Following is a summary of current health news briefs.
Man in Sao Paulo hospital with Brazil’s first monkeypox case -officials
Health officials in the Brazilian city of Sao Paulo confirmed the country’s first case of monkeypox on Thursday. The patient was a 41-year-old man who recently traveled to Spain and Portugal, the city’s health secretariat said in a statement. He is hospitalized, the secretariat said, without mentioning his health condition.
Age to buy cigarettes in England should rise every year, review says
The legal age of sale for cigarettes in England should be raised by one year every year until eventually no one can buy tobacco products, a government-commissioned review said on Thursday. Progressively increasing the minimum age from 18 was one of 15 recommendations in a review ordered by health minister Sajid Javid to help meet a target to be “smokefree” by 2030. Smokefree is defined as 5% smoking prevalence or less in England.
Diabetes may increase long COVID risk; COVID while pregnant linked to baby brain development issues
The following is a summary of some recent studies on COVID-19. They include research that warrants further study to corroborate the findings and that has yet to be certified by peer review. Diabetes may increase long COVID risk
African swine fever detected in pig livestock near Rome for first time
Two cases of swine fever have been found in pigs at a farm near Rome, local media quoted health authorities as saying on Thursday, the first time in Italy that the African disease has spread from wild boar to livestock. Alessio D’Amato, a health official of the Lazio region of which Rome is the capital, was quoted as telling La Repubblica newspaper that pigs on the farm will be culled.
White House expects COVID vaccine orders for children under 5 to pick up
Pre-orders of vaccines for children under age five have been slow, but Biden administration senior officials say they are not alarmed and expect the pace to pick up after federal approvals later this month. The administration expects vaccinations of young children to start as early as June 21 if the U.S. Food and Drug Administration and the Centers for Disease Control and Prevention approve the vaccines next week, White House COVID-19 response coordinator Ashish Jha said on Thursday.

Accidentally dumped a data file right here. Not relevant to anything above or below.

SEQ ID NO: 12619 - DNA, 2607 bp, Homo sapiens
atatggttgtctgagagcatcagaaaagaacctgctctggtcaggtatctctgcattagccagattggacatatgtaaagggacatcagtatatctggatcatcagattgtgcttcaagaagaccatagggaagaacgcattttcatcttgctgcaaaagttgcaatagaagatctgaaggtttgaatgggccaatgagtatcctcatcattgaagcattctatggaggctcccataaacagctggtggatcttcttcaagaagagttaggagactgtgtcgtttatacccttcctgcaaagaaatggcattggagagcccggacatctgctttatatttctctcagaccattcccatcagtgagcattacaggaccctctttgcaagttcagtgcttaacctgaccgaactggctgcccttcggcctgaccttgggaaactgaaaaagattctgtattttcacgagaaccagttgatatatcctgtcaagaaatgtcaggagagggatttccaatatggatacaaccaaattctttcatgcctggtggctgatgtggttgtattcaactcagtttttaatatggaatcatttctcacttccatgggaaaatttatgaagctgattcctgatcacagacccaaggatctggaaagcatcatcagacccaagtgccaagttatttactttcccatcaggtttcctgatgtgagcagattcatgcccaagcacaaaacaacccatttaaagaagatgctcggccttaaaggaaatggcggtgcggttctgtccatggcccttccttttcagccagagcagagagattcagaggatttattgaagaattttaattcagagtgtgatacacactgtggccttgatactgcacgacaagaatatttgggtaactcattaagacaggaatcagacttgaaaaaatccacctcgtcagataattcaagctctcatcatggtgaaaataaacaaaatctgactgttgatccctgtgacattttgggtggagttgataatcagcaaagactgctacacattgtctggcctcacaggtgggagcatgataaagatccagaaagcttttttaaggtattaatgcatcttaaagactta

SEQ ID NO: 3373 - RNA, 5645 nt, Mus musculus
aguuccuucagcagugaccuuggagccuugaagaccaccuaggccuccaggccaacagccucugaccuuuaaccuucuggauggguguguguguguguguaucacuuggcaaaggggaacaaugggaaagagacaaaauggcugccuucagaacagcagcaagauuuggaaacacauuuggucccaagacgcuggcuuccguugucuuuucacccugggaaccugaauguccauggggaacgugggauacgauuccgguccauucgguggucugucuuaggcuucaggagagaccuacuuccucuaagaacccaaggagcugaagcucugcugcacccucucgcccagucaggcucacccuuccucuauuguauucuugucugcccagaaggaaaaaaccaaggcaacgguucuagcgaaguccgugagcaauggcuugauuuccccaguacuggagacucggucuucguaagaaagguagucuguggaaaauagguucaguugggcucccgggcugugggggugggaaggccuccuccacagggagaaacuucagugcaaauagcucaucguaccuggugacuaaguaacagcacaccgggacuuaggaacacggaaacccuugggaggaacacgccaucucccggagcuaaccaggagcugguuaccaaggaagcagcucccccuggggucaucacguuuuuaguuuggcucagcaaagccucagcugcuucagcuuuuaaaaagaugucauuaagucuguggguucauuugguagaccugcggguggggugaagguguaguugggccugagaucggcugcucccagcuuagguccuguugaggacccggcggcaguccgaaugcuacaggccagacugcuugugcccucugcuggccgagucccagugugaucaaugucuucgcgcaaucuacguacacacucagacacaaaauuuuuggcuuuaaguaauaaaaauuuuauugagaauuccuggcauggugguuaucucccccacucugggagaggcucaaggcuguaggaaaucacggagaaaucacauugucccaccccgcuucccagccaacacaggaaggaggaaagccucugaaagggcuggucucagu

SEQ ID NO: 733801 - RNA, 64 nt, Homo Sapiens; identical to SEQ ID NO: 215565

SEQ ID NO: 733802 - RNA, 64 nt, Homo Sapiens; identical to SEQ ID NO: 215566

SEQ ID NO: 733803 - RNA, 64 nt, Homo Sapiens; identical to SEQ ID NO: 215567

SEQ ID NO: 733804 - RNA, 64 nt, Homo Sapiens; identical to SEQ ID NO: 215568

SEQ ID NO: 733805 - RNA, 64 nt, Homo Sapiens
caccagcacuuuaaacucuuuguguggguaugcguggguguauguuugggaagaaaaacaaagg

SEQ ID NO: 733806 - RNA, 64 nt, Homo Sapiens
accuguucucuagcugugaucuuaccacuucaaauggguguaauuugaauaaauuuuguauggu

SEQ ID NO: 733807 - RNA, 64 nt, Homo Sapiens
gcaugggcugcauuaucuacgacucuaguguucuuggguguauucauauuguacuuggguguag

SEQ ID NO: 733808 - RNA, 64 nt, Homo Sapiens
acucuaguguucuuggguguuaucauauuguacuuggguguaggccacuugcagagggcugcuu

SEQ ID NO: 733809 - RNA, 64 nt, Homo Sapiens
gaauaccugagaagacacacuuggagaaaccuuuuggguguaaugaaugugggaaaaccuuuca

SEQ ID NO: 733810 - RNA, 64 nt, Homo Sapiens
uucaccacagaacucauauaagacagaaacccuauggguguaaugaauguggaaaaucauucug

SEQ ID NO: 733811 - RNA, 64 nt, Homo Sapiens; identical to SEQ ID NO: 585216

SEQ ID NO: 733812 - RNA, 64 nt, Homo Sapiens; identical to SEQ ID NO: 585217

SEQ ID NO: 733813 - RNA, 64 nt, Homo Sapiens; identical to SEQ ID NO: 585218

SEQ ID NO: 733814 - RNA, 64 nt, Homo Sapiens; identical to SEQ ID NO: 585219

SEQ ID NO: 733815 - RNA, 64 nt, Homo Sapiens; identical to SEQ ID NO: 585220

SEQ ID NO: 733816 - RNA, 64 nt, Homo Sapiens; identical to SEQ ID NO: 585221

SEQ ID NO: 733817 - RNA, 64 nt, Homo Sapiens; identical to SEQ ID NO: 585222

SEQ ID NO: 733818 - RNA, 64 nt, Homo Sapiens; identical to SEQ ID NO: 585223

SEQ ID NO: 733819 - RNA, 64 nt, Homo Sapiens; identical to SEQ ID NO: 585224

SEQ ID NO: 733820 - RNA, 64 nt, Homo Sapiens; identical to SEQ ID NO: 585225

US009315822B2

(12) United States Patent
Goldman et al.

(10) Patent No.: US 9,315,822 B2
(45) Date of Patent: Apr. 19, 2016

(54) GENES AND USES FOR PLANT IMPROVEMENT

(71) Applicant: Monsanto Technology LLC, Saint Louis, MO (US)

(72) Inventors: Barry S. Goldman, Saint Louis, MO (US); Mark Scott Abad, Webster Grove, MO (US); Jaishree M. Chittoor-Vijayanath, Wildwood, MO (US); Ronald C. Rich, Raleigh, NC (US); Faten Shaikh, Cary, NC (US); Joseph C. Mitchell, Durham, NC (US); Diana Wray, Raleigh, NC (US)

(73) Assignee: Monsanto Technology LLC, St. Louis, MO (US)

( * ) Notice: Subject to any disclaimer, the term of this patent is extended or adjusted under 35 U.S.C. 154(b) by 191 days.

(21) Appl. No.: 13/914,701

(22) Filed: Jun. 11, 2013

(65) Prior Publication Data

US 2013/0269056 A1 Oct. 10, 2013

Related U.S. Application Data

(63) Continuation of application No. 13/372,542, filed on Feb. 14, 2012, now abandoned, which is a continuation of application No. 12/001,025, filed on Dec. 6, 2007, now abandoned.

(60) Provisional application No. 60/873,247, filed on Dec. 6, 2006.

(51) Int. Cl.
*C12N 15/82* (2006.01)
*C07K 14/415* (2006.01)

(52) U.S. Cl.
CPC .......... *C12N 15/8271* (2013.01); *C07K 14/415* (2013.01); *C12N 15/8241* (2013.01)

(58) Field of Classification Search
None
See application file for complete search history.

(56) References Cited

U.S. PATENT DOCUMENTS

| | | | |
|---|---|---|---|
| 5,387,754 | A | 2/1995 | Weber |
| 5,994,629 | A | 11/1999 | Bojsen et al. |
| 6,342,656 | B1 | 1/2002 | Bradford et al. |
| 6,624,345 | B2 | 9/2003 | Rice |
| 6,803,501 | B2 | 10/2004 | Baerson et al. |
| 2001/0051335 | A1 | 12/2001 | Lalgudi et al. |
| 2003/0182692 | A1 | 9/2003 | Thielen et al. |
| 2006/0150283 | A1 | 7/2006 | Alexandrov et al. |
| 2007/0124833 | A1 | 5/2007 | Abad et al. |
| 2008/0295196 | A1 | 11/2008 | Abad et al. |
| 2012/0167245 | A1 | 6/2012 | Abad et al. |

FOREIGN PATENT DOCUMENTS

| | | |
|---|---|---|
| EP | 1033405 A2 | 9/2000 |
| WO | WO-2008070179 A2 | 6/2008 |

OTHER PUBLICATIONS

BioNTech to soon start mRNA vaccine factory construction in Rwanda
COVID-19 vaccine maker BioNTech said construction of an mRNA vaccine factory to enable African nations to jump-start their own manufacturing network would start on June 23 in Rwanda. The groundbreaking ceremony in the capital city of Kigali is to be attended by Rwanda’s President Paul Kagame, further heads of African states, as well as representatives from the European Union and the World Health Organization, the biotech firm said in a statement on Thursday.
Factbox-What the WHO says on how to find COVID-19’s origins, prepare for next pandemic
A panel of experts drafted by the World Health Organization to investigate the origins of the COVID-19 pandemic and prepare a framework to investigate future outbreaks has published its first report. The panel, set up in October, comprises 26 experts from around the world and is called the Scientific Advisory Group for the Origins of Novel Pathogens (SAGO).
German vaccine authority recommends Imvanex for adults at risk of monkeypox
Germany’s vaccine advisory committee recommends that people over 18 who have been exposed to or are at increased risk of monkeypox infection receive Bavarian Nordic’s Imvanex vaccine, it said on Thursday. Those at increased risk of monkeypox include men who have sex with multiple male partners and infectious disease lab workers, the committee, known as STIKO, said.
Spain to begin monkeypox vaccination of close contacts
Spain will begin vaccinating close contacts of confirmed monkeypox cases after more than 242 people tested positive for the virus since May 19, the health ministry said on Thursday. Due to short supply of vaccines, only those who have been in close contact or have a great risk of serious illness can get vaccinated, the ministry added in a statement.
Pandemic’s origins obscured by lack of Chinese data – WHO panel
The World Health Organization said on Thursday its latest investigation into the origins of COVID-19 was inconclusive, largely because data from China is missing, another blow to its years-long effort to determine how the pandemic began. The report from the WHO expert panel said all available data showed the novel coronavirus that causes COVID-19 probably came from animals, likely bats, a similar conclusion to the U.N. agency’s previous work on the topic in 2021 that followed a trip to China.
(With inputs from agencies.)